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Lincoln looking at building two new parking garages in downtown area
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Lincoln looking at building two new parking garages in downtown area


The city of Lincoln is considering building two parking garages in the downtown area in the near future, one in the West Haymarket and one in southeast downtown.

The city has hired Walker Parking Consultants to do a marketing and financial analysis on the two sites for garages that would add 1,300 to 1,500 parking stalls.

The consultants will look at the locations and the financial feasibility of building one or two new parking garages using revenue bonds, financed using city parking revenue, according to David Landis, director of the Urban Development Department.

“We are certain we can afford one new parking garage,” Landis said. “But can we afford two?”

The contract document gives specific locations for the two garages, but the southeast downtown spot is not a certainty, according to Landis.

One garage is planned for city-owned property on the southwest corner of Canopy and N streets. The estimated $15 million cost for the 600- to 700-space garage would be shared between the city and a third party, according to the contract.

Planning for this garage assumes the city has an agreement to provide 340 of the 385 spaces in the city’s Market Place Garage, at 10th and Q streets, to patrons of the proposed City Centre project, according to the contract.

City Centre is a proposed project by New York developers to replace the Journal Star building at Ninth and P streets with a multistory complex that includes retail, offices, parking and apartments. The Market Place Garage is next to the Journal Star location. 

The southeast downtown garage would be on the north side of L Street, between 13th and 14th streets, according to information in the contract. That location has branch offices for U.S. Bank and First National Bank.

That $25 million garage would have 700 to 800 parking spaces, according to the contract.

“It is premature to say that is the only location” for a southeast downtown garage, Landis said in a telephone interview.

The goal is to find a strategic location in this area and get current owners to sell the land, "and that is a big if," Landis said.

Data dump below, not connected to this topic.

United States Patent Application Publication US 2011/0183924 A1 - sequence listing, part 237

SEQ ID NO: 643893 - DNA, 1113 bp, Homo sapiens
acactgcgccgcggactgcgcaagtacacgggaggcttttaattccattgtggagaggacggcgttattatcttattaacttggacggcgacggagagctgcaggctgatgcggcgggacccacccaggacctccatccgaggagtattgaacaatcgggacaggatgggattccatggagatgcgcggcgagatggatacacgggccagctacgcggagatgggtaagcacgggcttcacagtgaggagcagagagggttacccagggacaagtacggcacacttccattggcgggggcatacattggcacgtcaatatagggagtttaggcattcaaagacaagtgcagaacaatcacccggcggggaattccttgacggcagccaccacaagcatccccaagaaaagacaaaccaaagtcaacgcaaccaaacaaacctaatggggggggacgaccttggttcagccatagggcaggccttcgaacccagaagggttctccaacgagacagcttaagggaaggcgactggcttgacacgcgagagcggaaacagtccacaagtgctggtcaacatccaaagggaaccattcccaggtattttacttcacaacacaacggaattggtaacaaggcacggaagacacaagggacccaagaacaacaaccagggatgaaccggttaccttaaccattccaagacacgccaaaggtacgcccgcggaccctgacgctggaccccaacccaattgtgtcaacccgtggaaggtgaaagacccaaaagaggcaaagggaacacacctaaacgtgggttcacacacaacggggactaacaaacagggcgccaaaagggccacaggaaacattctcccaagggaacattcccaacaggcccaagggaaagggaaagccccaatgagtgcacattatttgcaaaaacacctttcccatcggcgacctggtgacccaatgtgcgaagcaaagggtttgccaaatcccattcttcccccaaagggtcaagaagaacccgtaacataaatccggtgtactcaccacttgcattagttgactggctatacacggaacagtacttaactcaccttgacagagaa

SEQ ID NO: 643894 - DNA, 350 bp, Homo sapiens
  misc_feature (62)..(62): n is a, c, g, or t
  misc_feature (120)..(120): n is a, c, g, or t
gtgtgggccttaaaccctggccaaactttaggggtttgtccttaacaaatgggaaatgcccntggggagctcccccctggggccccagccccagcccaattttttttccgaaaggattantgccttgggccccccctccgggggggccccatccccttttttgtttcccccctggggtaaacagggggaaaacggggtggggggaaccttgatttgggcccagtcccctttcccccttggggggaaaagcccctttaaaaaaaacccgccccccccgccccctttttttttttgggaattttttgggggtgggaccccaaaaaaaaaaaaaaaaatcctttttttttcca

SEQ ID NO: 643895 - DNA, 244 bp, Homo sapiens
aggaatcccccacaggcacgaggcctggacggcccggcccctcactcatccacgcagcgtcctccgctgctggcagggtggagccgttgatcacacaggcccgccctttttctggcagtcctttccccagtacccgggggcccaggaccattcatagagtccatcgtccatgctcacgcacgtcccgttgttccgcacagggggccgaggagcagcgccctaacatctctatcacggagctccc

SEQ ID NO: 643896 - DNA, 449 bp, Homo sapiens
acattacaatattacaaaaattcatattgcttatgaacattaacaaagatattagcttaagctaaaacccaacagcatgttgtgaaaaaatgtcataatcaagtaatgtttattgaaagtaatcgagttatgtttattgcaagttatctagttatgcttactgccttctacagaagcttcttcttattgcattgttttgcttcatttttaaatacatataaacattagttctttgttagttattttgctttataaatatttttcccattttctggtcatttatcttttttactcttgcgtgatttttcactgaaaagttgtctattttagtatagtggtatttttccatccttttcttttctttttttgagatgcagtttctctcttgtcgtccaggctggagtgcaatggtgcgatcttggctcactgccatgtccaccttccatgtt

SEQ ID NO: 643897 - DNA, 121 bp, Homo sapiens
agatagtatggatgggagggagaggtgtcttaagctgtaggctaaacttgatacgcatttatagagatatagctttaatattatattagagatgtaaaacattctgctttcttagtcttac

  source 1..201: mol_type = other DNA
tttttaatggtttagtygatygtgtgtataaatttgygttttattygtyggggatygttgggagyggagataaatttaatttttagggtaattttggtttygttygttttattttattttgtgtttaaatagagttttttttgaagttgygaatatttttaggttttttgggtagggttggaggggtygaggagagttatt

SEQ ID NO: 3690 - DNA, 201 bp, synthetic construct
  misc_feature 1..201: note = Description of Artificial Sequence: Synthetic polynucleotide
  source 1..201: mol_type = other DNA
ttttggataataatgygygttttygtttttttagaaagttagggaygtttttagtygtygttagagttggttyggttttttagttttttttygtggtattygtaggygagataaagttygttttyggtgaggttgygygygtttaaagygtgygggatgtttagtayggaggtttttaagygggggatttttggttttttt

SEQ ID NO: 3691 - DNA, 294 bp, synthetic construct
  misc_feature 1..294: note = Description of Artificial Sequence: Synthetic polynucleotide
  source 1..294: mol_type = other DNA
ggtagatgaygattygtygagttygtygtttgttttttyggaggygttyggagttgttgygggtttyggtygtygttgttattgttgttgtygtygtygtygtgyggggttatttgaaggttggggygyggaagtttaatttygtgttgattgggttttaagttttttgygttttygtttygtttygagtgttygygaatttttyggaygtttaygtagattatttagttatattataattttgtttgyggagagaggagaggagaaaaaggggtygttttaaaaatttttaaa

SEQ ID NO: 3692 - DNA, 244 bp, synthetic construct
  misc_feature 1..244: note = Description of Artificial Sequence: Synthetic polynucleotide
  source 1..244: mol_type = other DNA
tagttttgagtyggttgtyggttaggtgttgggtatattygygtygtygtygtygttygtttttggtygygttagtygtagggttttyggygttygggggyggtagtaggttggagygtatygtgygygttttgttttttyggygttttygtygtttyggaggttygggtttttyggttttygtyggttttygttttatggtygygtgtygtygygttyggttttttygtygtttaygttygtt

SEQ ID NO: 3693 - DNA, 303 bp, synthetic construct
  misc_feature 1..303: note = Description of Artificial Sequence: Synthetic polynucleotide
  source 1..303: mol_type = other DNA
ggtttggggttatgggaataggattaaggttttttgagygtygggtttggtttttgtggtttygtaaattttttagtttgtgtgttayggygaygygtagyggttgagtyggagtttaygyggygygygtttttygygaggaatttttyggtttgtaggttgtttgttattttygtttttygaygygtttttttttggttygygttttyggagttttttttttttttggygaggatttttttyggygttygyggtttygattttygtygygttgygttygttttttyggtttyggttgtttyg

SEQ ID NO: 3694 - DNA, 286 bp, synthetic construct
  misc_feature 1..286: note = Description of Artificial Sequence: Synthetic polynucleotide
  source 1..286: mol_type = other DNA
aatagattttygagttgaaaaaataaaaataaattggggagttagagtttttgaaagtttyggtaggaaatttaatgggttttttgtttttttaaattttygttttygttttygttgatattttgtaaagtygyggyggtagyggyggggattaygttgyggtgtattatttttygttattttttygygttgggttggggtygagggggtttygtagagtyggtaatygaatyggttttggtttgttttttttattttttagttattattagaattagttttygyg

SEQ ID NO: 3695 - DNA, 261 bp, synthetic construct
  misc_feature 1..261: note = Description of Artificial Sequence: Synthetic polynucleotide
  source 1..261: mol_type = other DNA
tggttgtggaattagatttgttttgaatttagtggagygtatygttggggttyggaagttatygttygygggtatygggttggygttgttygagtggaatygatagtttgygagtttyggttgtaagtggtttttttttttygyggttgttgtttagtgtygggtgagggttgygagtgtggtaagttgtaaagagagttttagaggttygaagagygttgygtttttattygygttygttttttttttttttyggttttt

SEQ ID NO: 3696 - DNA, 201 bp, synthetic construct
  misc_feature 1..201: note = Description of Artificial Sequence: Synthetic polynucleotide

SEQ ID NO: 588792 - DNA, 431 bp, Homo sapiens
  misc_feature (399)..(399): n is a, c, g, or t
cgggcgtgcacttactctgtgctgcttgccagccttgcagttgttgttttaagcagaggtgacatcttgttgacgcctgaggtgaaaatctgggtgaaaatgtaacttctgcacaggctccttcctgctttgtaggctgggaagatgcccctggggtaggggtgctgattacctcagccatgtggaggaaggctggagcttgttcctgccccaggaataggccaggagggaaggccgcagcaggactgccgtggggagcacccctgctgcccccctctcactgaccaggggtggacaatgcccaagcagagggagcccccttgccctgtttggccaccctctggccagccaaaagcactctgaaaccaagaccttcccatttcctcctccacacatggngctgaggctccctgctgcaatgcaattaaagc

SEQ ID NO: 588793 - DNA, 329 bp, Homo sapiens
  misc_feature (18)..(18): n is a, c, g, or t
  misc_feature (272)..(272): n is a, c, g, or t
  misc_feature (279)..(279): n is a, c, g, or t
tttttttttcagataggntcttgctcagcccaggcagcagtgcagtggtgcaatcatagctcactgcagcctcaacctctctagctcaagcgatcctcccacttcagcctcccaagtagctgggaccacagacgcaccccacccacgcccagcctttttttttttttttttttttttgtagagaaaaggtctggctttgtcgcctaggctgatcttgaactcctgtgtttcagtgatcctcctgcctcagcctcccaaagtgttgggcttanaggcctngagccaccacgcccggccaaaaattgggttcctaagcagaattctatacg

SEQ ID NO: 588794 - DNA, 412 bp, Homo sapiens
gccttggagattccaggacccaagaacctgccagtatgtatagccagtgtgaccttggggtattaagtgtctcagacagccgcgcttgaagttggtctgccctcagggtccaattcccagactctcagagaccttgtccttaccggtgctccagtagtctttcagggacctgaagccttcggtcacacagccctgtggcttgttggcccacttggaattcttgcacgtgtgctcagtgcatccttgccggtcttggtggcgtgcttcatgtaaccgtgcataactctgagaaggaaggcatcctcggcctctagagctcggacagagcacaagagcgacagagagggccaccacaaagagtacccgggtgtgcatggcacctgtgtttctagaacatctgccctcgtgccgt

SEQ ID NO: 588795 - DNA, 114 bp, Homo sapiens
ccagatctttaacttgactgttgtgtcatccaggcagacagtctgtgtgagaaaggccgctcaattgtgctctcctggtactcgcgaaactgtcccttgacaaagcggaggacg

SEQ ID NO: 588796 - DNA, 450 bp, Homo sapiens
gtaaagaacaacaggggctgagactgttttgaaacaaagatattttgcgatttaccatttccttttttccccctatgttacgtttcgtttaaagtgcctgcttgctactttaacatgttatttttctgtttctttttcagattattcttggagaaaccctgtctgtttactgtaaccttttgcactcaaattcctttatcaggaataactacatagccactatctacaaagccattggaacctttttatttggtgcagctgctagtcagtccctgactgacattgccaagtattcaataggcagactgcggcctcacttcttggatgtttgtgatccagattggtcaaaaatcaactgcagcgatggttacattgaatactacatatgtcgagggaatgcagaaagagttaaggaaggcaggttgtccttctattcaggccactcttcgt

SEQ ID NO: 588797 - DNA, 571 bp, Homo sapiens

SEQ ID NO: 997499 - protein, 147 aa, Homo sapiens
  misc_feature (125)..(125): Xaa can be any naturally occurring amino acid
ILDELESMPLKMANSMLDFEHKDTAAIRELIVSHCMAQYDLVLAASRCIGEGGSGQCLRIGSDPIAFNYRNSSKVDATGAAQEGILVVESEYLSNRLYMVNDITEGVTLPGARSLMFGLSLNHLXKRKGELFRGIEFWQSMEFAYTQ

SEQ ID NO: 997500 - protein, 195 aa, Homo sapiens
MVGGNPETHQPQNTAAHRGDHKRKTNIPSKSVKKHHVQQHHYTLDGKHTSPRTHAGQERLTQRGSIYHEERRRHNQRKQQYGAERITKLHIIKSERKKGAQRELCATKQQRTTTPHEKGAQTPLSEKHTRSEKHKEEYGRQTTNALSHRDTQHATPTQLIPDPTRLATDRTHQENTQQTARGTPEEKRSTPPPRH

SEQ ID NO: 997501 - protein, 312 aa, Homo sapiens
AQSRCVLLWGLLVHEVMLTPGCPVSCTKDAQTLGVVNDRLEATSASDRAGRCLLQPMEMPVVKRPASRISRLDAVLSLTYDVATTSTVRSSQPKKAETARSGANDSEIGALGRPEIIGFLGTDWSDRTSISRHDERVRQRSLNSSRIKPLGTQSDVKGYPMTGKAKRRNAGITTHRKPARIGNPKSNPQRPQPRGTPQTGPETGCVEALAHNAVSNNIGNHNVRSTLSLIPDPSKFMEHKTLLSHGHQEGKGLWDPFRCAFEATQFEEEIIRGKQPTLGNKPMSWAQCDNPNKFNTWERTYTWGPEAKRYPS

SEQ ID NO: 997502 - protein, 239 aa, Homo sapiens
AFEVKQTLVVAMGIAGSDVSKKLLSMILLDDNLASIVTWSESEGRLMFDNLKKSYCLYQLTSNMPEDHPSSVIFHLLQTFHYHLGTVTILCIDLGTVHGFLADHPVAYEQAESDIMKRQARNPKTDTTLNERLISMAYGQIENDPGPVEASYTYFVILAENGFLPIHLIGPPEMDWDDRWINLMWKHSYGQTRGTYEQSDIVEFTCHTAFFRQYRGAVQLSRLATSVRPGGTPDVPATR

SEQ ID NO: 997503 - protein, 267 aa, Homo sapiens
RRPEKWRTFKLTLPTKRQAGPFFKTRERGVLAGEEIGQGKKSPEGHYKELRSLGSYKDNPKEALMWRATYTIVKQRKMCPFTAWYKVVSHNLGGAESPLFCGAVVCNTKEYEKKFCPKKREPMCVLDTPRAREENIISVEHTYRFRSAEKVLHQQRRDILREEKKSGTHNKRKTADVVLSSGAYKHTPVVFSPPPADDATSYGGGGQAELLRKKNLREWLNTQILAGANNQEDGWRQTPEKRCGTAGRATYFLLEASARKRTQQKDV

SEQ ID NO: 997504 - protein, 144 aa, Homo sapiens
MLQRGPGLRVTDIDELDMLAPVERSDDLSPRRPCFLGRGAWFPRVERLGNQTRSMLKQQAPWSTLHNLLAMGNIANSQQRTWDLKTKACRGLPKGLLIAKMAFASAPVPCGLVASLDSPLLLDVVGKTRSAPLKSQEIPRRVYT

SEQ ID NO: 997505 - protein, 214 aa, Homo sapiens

Walker Parking Consultants, a national consulting firm, is being asked to look at two scenarios: both garages opening in January 2021, or the West Haymarket garage opening in January 2020 and the other garage opening in January 2021.

The city owns nine garages and manages another three tied to Pinnacle Bank Arena, providing about 8,000 spaces, according to Wayne Mixdorf, the city’s parking manager.

Arena garages in the Haymarket area are filling up faster than city staff thought, Landis said. 

Several years ago, if Paul McCartney wasn’t singing "Penny Lane" at Pinnacle Bank Arena, there would be empty first-floor stalls at the arena garages, Landis said.

That isn’t true anymore, he said.

The city parking service has some debt — about $25.6 million — for two of the nine city-owned garages: the Larson Building at 1317 Q, and the Lumberworks Garage at 700 N St.

The city has no debt on the older garages and uses some of the parking income from those garages to pay off the bonds for the new structures. 

Lincoln’s parking system, unlike many other cities', does not rely on any tax dollars, said Landis.

The profitability of the system can probably be equally attributed to the steady growth in the downtown area that allowed for good planning as to when garages were necessary, and a relatively conservative attitude about the amount of money to be spent on building garages, Mixdorf said.

"It was a fortuitous combination of good, steady growth and relatively conservative fiscal management."

The consultant's analysis, under an $86,900 contract, is "part of the due diligence for making sure we can afford to build up to two new garages," Landis said.

The timing and final decisions will be based on what consultants tell the city and the availability of land, he said.

"In the event we find people who are willing to sell us land, we will move as expeditiously as we can. What we need more than anything else are willing sellers,” he said. 

Reach the writer at 402-473-7250 or

On Twitter @LJSNancyHicks.


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Nancy Hicks reports on Lincoln city government, but she’s been following the leaders of local and state government for more than 40 years.

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